In a business setting, most work is accomplished by teams of individuals. Organizations use many kinds of teams, some of which are permanent and some of which are temporary. Teams are used to accomplish tasks that are too large or complex to be done by an individual or that require a diverse set of skills and expertise.
What are work teams?
According to Business Dictionary, Work Teams are ‘A group of employees that works semi-autonomously on recurring tasks. Work teams are most useful where job content changes frequently and employees with limited skills and a specific set of duties are unable to cope.’ Work teams are our usual workplace teams.
In business settings, most work is accomplished by teams of individuals who collaborate on activities with defined outcomes. Because teams are so prevalent in business organizations, employees need to have the skills necessary to work effectively with others.
“Teamwork is the ability to work together toward a common vision. The ability to direct individual accomplishments toward organizational objectives. It is the fuel that allows common people to attain uncommon results.” – Andrew Carnegie
The benefits of having work teams
Executives at Xerox have reported that team-based operations are 30 percent more productive than conventional operations. General Mills says that factories organized around team activities are 40 percent more productive than traditionally organized factories. FedEx says that teams reduced service errors (lost packages, incorrect bills) by 13 percent in the first year.
Research shows that companies build and support teams because of their effect on overall workplace performance, both organizational and individual.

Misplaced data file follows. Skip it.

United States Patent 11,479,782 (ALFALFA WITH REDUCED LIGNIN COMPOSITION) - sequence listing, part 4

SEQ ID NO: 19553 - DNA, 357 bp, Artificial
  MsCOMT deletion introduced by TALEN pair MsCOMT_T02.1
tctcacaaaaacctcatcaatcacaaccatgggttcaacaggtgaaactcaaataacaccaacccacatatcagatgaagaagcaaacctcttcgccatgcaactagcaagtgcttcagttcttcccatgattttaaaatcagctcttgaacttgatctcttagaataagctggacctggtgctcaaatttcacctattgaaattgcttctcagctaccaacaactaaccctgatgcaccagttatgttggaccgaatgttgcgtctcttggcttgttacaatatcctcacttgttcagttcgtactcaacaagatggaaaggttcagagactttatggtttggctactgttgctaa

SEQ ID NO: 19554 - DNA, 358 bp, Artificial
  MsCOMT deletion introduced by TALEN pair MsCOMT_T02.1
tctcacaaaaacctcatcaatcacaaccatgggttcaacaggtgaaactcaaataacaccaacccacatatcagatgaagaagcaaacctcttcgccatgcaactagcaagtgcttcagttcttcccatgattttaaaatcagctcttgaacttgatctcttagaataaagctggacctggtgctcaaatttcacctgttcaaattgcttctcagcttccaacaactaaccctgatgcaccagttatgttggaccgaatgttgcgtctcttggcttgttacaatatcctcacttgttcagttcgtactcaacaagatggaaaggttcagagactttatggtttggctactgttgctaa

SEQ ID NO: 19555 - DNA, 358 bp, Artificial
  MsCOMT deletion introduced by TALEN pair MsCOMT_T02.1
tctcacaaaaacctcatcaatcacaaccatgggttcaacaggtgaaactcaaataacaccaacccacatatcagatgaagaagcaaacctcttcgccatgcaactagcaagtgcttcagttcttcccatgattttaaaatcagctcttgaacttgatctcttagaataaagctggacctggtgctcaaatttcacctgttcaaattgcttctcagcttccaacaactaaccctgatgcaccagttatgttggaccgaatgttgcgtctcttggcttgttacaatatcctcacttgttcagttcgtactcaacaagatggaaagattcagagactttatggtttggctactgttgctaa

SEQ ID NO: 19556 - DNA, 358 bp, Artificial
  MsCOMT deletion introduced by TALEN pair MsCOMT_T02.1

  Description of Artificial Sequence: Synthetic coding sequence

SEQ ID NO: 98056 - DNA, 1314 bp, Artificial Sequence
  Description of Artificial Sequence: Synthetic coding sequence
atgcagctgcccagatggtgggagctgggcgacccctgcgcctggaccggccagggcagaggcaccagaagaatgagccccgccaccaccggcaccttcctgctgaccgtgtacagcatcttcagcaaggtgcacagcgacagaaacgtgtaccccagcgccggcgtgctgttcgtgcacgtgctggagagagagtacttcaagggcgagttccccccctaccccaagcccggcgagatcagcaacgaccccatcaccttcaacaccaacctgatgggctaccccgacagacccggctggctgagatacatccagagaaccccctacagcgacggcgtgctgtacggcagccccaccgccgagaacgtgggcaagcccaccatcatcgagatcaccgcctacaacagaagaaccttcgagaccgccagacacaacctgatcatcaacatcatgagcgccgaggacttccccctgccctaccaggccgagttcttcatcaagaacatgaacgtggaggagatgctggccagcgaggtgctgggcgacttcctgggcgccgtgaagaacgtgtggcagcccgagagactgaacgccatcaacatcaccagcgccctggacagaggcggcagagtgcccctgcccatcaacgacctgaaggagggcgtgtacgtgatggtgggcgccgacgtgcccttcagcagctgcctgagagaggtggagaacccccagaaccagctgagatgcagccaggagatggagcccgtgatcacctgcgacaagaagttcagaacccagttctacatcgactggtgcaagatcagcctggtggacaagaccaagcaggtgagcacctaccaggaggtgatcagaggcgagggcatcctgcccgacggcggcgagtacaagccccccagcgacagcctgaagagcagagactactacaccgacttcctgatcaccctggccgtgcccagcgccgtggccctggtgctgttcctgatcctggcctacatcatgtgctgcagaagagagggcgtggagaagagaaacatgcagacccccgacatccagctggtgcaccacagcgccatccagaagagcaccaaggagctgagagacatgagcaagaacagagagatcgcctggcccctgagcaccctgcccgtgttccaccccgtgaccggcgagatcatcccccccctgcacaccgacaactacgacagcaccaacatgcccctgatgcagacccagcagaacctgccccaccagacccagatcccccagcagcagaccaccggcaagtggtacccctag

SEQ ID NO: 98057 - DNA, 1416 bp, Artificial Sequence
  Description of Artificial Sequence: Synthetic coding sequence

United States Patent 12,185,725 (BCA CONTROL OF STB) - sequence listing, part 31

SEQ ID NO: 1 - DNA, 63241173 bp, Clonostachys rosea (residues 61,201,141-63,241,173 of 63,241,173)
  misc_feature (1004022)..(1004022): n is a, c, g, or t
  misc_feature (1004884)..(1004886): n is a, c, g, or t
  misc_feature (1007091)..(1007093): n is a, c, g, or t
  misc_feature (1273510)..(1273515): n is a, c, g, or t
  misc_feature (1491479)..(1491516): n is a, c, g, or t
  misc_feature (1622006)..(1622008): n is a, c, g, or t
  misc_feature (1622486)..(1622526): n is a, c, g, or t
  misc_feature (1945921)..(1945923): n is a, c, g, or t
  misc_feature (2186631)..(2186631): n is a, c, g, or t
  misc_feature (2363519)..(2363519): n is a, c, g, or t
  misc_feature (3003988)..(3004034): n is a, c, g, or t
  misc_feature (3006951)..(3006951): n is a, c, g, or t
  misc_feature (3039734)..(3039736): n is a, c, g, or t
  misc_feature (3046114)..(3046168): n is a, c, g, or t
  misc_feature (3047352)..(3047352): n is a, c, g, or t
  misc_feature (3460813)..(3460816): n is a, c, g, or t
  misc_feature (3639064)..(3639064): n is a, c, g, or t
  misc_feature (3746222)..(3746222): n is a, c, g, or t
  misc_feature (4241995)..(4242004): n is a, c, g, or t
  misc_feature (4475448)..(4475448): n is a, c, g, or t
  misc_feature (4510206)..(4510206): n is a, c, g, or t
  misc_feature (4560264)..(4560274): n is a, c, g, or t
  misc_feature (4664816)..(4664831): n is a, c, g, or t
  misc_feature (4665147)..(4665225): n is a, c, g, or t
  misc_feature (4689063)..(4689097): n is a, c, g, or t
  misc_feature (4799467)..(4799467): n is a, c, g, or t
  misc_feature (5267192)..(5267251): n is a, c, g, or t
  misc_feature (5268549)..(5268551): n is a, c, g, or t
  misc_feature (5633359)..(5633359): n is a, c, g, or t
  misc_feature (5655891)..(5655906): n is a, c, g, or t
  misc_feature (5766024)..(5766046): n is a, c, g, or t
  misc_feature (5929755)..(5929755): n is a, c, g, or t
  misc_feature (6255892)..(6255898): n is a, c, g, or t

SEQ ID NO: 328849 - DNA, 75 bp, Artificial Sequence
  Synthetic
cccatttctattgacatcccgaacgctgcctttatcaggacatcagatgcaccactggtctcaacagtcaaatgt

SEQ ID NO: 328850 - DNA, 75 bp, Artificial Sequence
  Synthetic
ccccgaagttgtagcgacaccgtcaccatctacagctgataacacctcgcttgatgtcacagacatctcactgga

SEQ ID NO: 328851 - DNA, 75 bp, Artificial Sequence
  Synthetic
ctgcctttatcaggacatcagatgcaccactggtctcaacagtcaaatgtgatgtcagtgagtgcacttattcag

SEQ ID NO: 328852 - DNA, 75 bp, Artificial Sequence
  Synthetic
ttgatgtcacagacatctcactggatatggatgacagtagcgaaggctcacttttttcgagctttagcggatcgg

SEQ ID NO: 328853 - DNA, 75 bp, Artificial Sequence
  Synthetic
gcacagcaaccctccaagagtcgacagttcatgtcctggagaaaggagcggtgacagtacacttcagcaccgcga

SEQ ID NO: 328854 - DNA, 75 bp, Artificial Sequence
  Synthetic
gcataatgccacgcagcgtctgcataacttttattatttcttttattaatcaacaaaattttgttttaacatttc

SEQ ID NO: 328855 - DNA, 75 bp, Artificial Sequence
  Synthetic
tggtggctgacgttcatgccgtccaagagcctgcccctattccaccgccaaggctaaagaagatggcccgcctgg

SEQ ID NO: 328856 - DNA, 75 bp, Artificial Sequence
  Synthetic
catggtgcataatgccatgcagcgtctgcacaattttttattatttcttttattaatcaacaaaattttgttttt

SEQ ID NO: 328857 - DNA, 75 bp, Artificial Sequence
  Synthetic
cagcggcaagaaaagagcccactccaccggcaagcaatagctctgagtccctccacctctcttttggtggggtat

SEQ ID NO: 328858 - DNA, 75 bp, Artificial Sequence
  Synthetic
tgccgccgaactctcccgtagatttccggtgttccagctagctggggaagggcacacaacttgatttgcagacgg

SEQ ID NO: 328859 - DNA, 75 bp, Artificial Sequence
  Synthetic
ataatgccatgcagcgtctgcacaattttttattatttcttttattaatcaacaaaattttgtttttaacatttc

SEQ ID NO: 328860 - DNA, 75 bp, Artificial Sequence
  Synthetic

The following are the benefits of having teams:
- Fosters Creativity and Learning
Creativity thrives when people work together on a team. Brainstorming ideas as a group prevents stale viewpoints that often come out of working solo. Combining unique perspectives from each team member creates more effective selling solutions. Teamwork also maximizes shared knowledge in the workplace and helps one learn new skills. Collaborating on a project creates an enthusiasm for learning that solitary work usually lacks. Being able to share discoveries with the rest of your team excites employees and fosters both individual and team knowledge. (Mattson, 2017)
- Diverse perspectives help you come up with winning innovations
According to Frans Johansson, author of The Medici Effect, some of the most innovative ideas happen at “the intersection” – the place where ideas from different industries and cultures collide. According to a report from McKinsey & Company teams made up of members from diverse backgrounds (gender, age, ethnicity, etc.) are more creative and perform better by up to 35 percent, compared to more homogeneous teams.
- Sharing the workload eases burnout
A recent Gallup study of nearly 7,500 full-time employees found that 23 percent of employees feel burned out at work very often or always. Another 44 percent say they sometimes feel this way. Team members can provide emotional support to each other because they often understand the demands and stress of completing work even better than managers, says Ben Wigert, lead researcher for Gallup’s workplace management practice.
- Recognition from other team members can improve your productivity
Getting a pat on the back from the boss can boost an employee’s motivation, but receiving kudos from a team member maybe even more effective. The 2014 TINYpulse Employee Engagement and Organizational Culture Report surveyed more than 200,000 employees.
Participants reported that having the respect of their peers was the #1 reason they go the extra mile at work.
- Builds Trust